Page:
Friday, December 08, 2006

Icons for Today

The Getty Museum in LA is hosting a show of icons from the monastery of St. Catherine at the base of Mt. Sinai. We visited both the show and attended a lecture on the monastery and its role in protecting and preserving iconography last night. It was my first visit to the Getty Museum and at sunset. The architecture and view of the LA basin and the sun setting over the ocean was overwhelming. And the museum is FREE, just an $8 parking charge. I'm going back there!
The show of icons caught my attention after my six years of rumaging around the notion of sacred space, romanesque architecture in southern France and just how we use and abuse our sacred space today.
1. Icons tell time. A number of the icons were calendars, illustrated pictures of saints' days for veneration and remembrance. They were laid out like any calendar we use, only filled with detailed pictures of various saints. These kinds of icons help the faithful tell time.
2. Icons tell us use. Some icons were embroidered on stoles and vestments, chalices, crosses and patens. These icon figures instructed the users just what the item was intended to do, represent and reference back to. Hand gestures of blessing, the proper holding of crosses and postures of prayer were included.
3. Icons instruct how to occupy space. Icons placed around a sanctuary guided worshipers, often pilgrms who could not speak the language of the area, what a particular space in worship was intended for. They could prompt prayer as the icon told a story in the life of Moses or Jesus or John, or some more recent holy person. The icons would visualize what the annunciation could have looked like. Icons energy was not in the figures, but in the dim light of candles and lamps, the flickering energy came as the light reflected off of the gold leaf surrounding the figures.
On the ride home, I asked the question; are seeker sensitive churches, like Willow Creek, inherently "iconclastic" in that they reject all imagery except electronic? Iconclasm was an eaerly church reaction against the perceived worshiping of icons as idols. Icons were labelled as bad in and of themselves. Can we behave iconoclastically when we reactively reject a tradition? Just thinking!


At 10:19 AM , Anonymous Gary Means said...

First of all, even though envy is a sin, I'm blatantly envious. I am fascinated by icons. In fact, as soon as I finish an overdue commissioned piece, I plan to start on painting an icon. It will be Christ as Pantocrator. Not sure if I'll use gold leaf. Ideally so.

Interesting questions, as always. I'll give more thought to your query regarding iconoclasm.

At 10:52 AM , Blogger donnjohnson said...

Go to the Getty Website and you can receive a free cd from them on the icon show

At 11:19 AM , Anonymous Gary Means said...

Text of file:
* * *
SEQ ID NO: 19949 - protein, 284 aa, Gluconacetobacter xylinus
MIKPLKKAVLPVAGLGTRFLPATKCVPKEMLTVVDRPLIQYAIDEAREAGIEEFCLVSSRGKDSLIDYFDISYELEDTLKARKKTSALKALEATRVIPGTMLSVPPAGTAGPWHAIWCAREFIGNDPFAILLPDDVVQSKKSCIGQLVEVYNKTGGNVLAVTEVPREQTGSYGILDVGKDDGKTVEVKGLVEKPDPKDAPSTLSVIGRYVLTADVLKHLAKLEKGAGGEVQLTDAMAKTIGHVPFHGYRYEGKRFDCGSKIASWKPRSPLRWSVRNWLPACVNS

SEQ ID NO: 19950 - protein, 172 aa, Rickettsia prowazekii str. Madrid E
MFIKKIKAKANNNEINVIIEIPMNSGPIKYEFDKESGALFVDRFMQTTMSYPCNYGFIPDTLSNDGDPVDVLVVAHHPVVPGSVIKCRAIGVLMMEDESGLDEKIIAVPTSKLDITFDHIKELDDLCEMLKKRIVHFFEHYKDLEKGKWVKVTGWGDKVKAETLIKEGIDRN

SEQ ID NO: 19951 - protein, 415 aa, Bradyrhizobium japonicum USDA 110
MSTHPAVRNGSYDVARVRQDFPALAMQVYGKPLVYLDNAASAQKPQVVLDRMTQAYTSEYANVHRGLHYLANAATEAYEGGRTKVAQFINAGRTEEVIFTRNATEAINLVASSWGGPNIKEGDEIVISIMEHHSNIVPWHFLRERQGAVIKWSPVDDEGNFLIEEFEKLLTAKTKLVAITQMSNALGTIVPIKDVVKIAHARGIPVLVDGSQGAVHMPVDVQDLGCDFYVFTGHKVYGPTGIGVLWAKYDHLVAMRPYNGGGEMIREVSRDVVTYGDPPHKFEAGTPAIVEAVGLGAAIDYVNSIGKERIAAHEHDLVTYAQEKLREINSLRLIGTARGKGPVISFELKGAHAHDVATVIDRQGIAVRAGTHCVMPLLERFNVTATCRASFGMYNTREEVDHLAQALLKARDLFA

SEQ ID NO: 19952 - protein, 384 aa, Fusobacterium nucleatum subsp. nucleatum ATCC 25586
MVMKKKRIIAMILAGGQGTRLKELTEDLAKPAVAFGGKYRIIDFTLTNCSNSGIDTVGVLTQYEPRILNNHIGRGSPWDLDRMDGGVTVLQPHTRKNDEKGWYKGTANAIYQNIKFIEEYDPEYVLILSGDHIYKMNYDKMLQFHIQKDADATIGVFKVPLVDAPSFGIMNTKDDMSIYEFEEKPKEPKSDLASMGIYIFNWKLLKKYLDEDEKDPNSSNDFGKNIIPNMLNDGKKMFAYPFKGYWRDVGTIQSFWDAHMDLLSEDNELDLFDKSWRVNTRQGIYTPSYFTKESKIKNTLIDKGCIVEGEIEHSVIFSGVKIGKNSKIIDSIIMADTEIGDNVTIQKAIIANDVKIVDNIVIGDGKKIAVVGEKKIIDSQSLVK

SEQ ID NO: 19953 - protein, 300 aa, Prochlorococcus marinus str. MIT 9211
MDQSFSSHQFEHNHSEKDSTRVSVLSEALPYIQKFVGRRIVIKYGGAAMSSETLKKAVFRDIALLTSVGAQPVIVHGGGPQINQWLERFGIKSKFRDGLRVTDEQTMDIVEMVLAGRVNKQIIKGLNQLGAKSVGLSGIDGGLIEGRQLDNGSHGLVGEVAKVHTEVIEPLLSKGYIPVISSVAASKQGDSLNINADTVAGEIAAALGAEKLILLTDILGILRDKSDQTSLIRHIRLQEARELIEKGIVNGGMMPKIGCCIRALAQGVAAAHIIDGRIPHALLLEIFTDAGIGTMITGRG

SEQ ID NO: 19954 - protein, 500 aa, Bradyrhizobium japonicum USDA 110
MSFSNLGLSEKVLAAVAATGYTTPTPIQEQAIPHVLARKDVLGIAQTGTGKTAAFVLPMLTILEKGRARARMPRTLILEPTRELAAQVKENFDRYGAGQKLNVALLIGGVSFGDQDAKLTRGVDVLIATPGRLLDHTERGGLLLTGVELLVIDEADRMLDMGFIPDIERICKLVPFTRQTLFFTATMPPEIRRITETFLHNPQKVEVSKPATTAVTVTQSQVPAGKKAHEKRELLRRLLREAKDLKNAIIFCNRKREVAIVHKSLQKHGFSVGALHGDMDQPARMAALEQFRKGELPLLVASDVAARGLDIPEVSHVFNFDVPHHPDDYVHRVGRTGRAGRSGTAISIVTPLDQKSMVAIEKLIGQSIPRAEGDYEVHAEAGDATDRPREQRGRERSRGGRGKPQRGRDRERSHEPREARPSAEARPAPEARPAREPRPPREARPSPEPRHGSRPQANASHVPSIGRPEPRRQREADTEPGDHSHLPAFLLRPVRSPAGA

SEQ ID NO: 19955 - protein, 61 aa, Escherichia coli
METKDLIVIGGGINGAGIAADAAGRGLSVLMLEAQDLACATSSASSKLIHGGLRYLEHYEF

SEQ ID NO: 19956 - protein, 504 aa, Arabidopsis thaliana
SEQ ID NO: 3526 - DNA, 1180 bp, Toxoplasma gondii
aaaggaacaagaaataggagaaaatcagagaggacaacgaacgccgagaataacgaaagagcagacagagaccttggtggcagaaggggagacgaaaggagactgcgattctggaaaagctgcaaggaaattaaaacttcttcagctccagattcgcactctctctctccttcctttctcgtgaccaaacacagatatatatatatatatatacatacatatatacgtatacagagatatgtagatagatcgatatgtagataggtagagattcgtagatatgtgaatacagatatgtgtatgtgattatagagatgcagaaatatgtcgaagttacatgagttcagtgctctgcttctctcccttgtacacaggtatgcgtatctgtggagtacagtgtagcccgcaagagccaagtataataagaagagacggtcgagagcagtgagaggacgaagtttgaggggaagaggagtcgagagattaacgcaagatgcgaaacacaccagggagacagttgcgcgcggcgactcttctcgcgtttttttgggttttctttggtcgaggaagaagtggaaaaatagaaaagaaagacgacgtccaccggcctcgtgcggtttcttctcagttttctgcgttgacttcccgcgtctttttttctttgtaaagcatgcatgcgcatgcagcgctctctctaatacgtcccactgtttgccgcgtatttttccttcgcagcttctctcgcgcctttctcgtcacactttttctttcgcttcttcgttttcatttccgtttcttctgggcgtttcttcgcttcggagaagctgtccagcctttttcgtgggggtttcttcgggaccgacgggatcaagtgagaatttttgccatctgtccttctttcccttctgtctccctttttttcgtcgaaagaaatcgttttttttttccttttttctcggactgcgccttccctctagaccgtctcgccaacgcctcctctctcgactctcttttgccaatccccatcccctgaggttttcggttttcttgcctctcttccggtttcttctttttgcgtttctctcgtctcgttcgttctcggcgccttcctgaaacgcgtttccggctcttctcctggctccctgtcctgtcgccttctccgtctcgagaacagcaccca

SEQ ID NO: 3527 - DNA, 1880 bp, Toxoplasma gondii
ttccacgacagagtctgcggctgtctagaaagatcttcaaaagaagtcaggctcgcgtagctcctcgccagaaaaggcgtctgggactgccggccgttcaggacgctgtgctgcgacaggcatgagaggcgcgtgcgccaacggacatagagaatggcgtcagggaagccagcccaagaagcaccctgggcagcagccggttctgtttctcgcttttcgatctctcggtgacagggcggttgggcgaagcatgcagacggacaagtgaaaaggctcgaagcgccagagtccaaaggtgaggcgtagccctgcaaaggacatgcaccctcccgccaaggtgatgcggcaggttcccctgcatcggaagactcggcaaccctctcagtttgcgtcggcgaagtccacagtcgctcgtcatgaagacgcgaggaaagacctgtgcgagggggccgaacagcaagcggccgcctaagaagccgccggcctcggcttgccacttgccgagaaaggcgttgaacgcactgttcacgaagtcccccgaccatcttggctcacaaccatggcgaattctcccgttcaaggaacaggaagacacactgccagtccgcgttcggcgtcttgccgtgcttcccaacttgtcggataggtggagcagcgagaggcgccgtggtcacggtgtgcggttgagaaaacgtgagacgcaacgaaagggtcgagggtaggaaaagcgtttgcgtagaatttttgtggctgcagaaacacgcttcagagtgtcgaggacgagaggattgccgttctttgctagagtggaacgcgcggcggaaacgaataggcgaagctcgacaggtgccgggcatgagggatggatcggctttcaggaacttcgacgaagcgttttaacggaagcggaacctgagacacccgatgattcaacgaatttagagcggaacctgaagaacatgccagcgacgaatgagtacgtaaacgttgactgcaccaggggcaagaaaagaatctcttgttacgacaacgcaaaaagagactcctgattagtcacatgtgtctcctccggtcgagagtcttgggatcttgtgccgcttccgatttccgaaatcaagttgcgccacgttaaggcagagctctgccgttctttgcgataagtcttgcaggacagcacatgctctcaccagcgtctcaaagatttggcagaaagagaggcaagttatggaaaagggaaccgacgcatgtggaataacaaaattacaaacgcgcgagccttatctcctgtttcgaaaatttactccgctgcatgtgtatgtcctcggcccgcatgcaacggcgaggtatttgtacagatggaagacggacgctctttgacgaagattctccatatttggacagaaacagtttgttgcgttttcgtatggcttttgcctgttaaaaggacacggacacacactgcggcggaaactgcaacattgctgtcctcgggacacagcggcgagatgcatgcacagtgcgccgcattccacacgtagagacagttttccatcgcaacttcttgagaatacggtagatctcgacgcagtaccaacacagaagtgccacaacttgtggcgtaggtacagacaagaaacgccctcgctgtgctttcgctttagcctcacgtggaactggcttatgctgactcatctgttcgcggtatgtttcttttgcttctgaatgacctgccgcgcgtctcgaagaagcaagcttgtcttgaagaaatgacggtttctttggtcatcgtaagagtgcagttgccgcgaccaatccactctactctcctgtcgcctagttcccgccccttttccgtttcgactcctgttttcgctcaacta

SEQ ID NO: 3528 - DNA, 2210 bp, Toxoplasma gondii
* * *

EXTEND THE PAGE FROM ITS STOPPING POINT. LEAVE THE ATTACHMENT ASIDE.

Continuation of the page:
cool. I will. thanks!

At 3:01 PM , Blogger Rick said...

Donn - you need to find yourself a copy of the CD "Images of Faith" by Marty McCall. It is an incredible collection of songs with contemporary authorship yet rooted in the sounds and content of the medieval period. Very cool music including a song called "ICON" - lyrics follow and then a link where you can listen to a sample.

In a small and gilded frame
A painting with no artists name
Bright visage of the One I love
With angels circling high above

Glory's window on the wall
I cannot look through it at all
Yet peeing deeper in, I see
Brief glimpses of His love for me

His red and blue embroidered robe
And halo crested round with gold
These royal garments cannot hide
His meek and humble heart inside

Before his loving, knowing eyes
From sorrow's ash my hope does rise
Kind image made of paint and wood
reminds my heart to seek His good

A picture for my soul's appeal
A pale reflection of the real
Still brings sweet comfort to this place
Until I see Him face to face



At 4:14 PM , Blogger donnjohnson said...

Thanks Rick, I'll go there. Great lyrics!

At 9:58 PM , Blogger Ted Gossard said...


Good post and it would be great to visit that museum. I kind of doubt, in the stronghold of Calvinism where we live, that we'll have an icon exhibit here anytime soon. Though the times are changing here.

I think the major obstacle in us evangelicals, is simply lack of knowledge. We don't understand, and have some preconceived ideas that basically view statues and pictures as substitutes for true worship of God in spirit and truth. Something like that. And we don't want people to confuse us with churches that practice such things.

I know a good and knowledgeable brother in Christ, who sees all pictures of Christ as idolatrous. He is an iconoclast, to be sure.

At 12:59 AM , Anonymous Brandon Waybright said...

Hey, I never told you. I was in egypt this past summer. We climbed mt. sinai and spent a day in st. catherines. It is one interesting place.


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